Israel’s retaliatory bombardments and ground offensive have killed at least 36,400 people in Gaza, mostly civilians, according to the Gaza Health Ministry.

On Tuesday, at least 11 Palestinians were killed in an Israeli airstrike in central Gaza, local hospitals said. Elsewhere, two policemen were killed while helping to protect humanitarian aid deliveries in Rafah, Palestinian medics told Reuters.

Some information for this report was provided by The Associated Press, Reuters and Agence France-Presse.

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Gaza-Israel Conflict

Israeli Attack on Rafah Tent Camp Kills 45, Prompts International Outcry

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Summary of Latest Developments:

  • Israeli PM Benjamin Netanyahu says Israel had not intended to harm civilians
  • ‘Something went tragically wrong’, Netanyahu says
  • US urges Israel to take more care to protect civilians
  • Hamas official says no plans for further ceasefire talks

CAIRO/JERUSALEM, May 27 (WARYATV) – An Israeli airstrike triggered a fire that killed 45 people in a tent camp in the Gazan city of Rafah, officials said on Monday, prompting an outcry from global leaders who urged the implementation of a World Court order to halt Israel’s assault.

The tragic incident occurred as tensions continue to escalate in the region, drawing widespread condemnation and calls for increased measures to protect civilians. Israeli Prime Minister Benjamin Netanyahu expressed regret over the incident, stating that the strike was not intended to target civilians. “Something went tragically wrong,” Netanyahu said in a public address, acknowledging the grave consequences of the attack.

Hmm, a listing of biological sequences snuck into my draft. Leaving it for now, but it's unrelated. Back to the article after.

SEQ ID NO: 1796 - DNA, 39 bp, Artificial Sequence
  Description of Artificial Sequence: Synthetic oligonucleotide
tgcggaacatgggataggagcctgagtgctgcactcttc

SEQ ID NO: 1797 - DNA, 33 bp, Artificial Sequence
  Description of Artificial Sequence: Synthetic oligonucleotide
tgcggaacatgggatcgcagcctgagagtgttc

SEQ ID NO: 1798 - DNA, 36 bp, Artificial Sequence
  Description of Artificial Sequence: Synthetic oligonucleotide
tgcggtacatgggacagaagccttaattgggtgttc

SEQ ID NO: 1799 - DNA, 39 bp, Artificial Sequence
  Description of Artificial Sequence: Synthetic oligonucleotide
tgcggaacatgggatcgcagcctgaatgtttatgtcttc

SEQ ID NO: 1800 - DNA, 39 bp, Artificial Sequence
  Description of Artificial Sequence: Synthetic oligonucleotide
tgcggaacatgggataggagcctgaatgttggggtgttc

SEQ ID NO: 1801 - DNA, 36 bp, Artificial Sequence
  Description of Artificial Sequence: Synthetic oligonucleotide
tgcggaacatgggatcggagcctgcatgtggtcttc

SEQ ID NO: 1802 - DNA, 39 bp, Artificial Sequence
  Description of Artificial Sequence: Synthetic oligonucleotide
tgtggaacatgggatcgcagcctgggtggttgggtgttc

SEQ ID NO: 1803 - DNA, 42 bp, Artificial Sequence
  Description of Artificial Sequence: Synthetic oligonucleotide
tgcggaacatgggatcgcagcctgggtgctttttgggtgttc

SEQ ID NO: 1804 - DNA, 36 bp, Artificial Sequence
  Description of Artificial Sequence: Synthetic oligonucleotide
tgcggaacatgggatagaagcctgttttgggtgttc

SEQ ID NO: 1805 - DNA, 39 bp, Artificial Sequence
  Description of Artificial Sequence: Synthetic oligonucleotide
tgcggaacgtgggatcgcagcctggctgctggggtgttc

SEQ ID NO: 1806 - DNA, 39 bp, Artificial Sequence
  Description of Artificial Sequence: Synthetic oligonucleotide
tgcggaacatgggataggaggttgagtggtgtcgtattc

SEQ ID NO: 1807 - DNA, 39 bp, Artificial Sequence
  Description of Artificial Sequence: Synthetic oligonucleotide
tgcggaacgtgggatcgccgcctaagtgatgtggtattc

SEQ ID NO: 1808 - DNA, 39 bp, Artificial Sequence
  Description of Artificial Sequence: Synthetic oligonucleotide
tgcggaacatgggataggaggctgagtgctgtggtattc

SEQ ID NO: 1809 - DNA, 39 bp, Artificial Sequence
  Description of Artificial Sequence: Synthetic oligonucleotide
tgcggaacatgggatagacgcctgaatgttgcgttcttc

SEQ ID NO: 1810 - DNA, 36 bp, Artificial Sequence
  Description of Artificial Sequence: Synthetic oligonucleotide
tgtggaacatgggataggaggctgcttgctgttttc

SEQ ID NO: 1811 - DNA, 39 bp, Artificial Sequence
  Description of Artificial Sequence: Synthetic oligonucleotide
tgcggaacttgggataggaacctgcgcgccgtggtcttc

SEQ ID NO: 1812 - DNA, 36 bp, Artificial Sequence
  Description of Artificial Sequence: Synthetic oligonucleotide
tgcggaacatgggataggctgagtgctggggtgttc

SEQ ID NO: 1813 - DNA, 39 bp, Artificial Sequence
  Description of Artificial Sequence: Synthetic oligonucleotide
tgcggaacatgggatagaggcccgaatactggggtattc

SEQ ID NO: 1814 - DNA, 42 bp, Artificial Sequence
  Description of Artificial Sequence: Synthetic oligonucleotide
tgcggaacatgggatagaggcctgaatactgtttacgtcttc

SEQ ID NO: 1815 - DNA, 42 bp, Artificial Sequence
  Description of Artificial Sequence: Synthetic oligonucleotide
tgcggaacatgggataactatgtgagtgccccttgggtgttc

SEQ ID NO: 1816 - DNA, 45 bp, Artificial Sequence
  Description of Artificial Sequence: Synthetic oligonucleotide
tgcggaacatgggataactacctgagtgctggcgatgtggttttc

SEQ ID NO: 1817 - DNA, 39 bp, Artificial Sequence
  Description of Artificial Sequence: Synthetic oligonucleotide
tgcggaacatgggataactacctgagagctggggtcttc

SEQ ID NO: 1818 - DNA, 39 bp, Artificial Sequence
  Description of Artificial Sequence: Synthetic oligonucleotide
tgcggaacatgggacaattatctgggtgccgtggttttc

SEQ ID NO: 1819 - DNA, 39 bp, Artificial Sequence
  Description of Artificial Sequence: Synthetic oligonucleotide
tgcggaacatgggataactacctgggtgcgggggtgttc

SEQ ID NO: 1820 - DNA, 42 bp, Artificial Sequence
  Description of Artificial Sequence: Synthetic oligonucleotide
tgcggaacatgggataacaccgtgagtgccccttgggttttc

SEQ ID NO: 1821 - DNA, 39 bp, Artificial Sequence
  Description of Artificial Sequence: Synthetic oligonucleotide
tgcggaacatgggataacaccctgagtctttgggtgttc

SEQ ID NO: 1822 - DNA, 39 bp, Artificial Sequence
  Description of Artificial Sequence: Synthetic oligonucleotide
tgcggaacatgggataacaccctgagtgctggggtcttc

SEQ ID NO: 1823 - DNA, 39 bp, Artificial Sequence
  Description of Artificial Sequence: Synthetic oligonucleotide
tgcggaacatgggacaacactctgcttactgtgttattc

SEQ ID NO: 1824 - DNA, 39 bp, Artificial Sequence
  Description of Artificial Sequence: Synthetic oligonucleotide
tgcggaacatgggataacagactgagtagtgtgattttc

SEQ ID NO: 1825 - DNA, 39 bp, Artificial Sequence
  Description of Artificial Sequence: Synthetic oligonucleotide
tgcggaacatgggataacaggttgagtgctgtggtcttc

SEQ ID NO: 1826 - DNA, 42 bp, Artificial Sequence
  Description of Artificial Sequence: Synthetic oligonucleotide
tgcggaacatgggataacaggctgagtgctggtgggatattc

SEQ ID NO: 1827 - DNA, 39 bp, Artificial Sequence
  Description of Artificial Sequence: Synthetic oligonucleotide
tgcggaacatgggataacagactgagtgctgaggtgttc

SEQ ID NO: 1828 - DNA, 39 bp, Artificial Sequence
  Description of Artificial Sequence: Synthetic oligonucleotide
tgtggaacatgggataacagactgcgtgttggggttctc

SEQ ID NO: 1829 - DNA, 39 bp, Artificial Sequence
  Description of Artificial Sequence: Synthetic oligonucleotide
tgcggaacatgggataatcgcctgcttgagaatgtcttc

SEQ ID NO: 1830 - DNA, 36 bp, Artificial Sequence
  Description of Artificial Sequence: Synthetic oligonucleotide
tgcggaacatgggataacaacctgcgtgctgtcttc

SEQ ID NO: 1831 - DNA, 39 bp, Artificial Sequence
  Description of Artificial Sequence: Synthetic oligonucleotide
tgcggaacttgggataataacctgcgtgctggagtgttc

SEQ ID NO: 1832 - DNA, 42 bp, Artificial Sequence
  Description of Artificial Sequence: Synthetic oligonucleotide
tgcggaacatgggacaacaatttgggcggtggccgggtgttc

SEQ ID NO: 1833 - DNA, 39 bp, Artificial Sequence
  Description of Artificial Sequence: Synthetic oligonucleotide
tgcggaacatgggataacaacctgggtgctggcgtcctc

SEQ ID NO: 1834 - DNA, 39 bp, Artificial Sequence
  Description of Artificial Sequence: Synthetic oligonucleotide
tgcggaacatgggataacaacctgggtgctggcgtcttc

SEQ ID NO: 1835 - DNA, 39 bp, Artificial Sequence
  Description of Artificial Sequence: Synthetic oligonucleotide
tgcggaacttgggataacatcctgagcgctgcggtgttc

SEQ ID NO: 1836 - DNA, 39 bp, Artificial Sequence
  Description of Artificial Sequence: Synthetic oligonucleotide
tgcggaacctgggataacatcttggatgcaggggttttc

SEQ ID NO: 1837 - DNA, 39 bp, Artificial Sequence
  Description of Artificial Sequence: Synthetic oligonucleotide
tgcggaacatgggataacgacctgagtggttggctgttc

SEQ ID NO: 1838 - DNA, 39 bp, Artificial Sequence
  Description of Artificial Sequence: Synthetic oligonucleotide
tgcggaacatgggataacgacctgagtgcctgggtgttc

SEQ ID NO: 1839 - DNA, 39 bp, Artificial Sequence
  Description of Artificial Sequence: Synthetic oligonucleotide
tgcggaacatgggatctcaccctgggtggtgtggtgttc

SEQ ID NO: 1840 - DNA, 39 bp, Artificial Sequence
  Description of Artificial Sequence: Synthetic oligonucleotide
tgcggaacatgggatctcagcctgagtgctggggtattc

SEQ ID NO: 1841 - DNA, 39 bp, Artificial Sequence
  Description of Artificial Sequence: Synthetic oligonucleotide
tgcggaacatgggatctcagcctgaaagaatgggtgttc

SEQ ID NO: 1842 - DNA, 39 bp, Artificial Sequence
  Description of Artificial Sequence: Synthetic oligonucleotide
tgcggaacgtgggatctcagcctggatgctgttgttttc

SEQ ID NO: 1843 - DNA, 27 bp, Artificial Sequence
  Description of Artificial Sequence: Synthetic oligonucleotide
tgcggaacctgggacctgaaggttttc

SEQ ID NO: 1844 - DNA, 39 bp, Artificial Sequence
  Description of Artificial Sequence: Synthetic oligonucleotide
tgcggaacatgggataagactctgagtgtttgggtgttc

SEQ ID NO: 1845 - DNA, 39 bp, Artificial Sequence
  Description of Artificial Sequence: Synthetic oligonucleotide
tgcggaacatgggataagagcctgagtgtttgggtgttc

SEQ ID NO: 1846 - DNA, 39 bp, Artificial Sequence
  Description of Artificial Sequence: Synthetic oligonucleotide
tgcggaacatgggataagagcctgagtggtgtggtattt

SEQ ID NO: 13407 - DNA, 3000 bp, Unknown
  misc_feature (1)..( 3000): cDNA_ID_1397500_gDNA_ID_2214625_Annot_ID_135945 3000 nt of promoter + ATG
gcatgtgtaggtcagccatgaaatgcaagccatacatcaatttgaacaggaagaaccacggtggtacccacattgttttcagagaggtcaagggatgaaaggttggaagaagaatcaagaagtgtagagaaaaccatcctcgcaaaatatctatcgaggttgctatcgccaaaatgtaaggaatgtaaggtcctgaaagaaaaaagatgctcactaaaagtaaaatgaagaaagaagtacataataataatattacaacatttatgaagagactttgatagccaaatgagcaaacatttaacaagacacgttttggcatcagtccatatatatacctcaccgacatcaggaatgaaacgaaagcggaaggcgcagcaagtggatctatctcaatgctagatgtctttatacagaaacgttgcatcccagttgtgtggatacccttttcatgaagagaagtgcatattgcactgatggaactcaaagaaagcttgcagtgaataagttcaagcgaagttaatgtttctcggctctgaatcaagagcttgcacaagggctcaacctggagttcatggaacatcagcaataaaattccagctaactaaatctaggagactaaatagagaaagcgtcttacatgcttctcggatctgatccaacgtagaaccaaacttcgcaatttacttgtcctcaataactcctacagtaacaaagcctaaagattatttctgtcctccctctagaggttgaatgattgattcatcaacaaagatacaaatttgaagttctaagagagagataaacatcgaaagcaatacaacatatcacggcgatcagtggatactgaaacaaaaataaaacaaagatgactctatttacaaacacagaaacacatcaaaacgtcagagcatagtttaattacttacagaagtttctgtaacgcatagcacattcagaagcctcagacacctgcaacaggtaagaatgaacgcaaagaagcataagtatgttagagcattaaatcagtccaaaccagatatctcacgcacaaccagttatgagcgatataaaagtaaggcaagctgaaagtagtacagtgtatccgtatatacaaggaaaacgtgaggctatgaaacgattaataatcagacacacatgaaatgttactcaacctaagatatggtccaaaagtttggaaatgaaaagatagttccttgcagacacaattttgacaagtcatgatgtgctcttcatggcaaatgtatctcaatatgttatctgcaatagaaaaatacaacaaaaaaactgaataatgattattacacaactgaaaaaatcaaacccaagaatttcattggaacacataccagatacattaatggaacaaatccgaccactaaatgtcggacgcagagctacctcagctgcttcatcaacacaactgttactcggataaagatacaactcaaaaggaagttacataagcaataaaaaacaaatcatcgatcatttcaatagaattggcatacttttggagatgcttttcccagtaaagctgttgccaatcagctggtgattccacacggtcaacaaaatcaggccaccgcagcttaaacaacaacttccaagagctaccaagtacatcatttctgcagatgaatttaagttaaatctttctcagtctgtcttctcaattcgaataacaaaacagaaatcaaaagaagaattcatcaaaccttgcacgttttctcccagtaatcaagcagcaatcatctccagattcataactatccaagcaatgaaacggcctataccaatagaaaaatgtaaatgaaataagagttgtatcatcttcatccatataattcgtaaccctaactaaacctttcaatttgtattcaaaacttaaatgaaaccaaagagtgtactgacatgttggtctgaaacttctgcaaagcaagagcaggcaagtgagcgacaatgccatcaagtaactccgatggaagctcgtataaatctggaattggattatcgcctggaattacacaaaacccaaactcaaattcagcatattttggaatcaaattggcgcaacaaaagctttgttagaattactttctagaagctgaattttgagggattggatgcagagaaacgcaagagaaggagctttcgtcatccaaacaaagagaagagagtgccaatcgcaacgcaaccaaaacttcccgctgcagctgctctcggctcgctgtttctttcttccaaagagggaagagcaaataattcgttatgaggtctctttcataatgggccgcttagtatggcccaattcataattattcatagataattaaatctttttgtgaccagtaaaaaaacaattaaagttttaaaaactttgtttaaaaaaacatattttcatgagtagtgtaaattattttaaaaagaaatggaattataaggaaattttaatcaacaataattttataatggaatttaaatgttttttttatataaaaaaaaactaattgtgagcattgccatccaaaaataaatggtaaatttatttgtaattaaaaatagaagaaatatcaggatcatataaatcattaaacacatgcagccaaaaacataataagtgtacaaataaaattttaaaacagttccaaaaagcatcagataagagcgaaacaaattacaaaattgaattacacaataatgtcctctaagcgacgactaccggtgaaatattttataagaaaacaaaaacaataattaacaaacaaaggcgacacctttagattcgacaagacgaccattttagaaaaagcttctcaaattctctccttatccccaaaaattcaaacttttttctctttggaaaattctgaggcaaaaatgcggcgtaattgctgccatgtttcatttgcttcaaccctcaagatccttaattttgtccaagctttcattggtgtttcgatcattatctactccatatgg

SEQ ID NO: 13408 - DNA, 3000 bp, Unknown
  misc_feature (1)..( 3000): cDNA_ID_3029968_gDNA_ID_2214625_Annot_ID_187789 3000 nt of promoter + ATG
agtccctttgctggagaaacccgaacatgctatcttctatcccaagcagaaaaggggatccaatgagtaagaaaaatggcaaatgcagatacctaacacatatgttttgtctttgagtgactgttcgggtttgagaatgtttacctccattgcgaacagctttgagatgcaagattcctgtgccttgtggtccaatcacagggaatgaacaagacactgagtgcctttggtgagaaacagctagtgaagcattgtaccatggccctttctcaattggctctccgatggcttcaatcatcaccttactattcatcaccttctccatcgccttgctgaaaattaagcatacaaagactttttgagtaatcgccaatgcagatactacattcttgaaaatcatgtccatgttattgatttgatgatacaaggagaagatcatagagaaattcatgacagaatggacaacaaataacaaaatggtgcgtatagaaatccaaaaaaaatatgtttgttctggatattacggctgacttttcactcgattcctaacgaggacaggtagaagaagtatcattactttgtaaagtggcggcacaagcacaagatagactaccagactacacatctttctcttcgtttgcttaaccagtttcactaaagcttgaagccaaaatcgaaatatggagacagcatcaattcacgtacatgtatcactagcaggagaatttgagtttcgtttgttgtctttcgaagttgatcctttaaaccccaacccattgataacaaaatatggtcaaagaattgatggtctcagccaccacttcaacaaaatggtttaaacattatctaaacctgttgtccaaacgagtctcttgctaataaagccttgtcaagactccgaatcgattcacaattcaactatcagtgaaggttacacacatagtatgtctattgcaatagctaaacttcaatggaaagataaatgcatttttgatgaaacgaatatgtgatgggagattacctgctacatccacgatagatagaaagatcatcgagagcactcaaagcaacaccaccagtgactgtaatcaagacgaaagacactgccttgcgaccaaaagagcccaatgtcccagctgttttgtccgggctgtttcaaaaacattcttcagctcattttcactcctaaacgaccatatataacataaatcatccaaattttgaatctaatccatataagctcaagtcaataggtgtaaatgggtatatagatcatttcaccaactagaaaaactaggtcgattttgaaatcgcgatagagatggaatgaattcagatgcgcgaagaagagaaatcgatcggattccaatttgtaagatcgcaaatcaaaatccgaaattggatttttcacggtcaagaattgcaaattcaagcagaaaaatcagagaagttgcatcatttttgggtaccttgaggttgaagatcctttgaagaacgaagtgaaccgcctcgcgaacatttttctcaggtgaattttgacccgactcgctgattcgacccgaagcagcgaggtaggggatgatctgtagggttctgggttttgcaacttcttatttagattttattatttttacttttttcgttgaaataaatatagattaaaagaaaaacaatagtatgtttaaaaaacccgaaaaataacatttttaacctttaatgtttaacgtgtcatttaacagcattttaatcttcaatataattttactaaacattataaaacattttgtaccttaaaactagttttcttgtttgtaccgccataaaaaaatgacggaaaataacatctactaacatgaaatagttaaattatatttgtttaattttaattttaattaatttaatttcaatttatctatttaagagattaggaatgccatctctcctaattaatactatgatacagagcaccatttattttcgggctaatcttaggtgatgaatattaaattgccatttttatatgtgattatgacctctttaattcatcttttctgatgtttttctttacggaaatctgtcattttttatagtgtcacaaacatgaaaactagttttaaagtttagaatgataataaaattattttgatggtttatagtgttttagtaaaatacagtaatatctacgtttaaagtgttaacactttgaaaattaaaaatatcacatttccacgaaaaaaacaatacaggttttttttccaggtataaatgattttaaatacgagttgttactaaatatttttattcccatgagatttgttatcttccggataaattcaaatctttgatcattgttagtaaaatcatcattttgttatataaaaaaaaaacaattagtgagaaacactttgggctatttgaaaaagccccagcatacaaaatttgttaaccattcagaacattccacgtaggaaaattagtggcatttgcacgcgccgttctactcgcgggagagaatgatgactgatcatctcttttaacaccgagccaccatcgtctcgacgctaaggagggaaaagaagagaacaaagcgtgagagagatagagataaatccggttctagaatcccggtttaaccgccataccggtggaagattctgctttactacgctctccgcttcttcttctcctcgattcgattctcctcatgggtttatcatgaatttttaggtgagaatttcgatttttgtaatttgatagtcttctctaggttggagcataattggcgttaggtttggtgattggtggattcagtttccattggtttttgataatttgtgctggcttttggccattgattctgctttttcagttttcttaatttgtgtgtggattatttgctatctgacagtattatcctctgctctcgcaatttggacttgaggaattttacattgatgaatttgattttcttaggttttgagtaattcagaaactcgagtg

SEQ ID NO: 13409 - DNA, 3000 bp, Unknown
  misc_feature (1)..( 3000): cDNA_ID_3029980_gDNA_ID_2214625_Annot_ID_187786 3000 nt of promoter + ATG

In response to the incident, the United States has called on Israel to exercise greater caution to avoid civilian casualties. U.S. officials have emphasized the importance of protecting non-combatants and adhering to international humanitarian law in ongoing military operations.

Meanwhile, Hamas, the governing authority in Gaza, has indicated that there are no current plans to engage in further ceasefire talks. A Hamas official dismissed the possibility of negotiations, citing ongoing hostilities and the recent escalation of violence.

The international community has reacted strongly to the Rafah attack, with leaders and organizations urging Israel to comply with a World Court order that calls for an immediate cessation of military actions. The order underscores the necessity of prioritizing the safety and well-being of civilians amid the conflict.

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Communication

The Celebrity ‘Blockout’: Social Media Users Push for Accountability Over Gaza Conflict

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A grassroots movement pressures celebrities to take a stand on the humanitarian crisis in Gaza by blocking their social media content.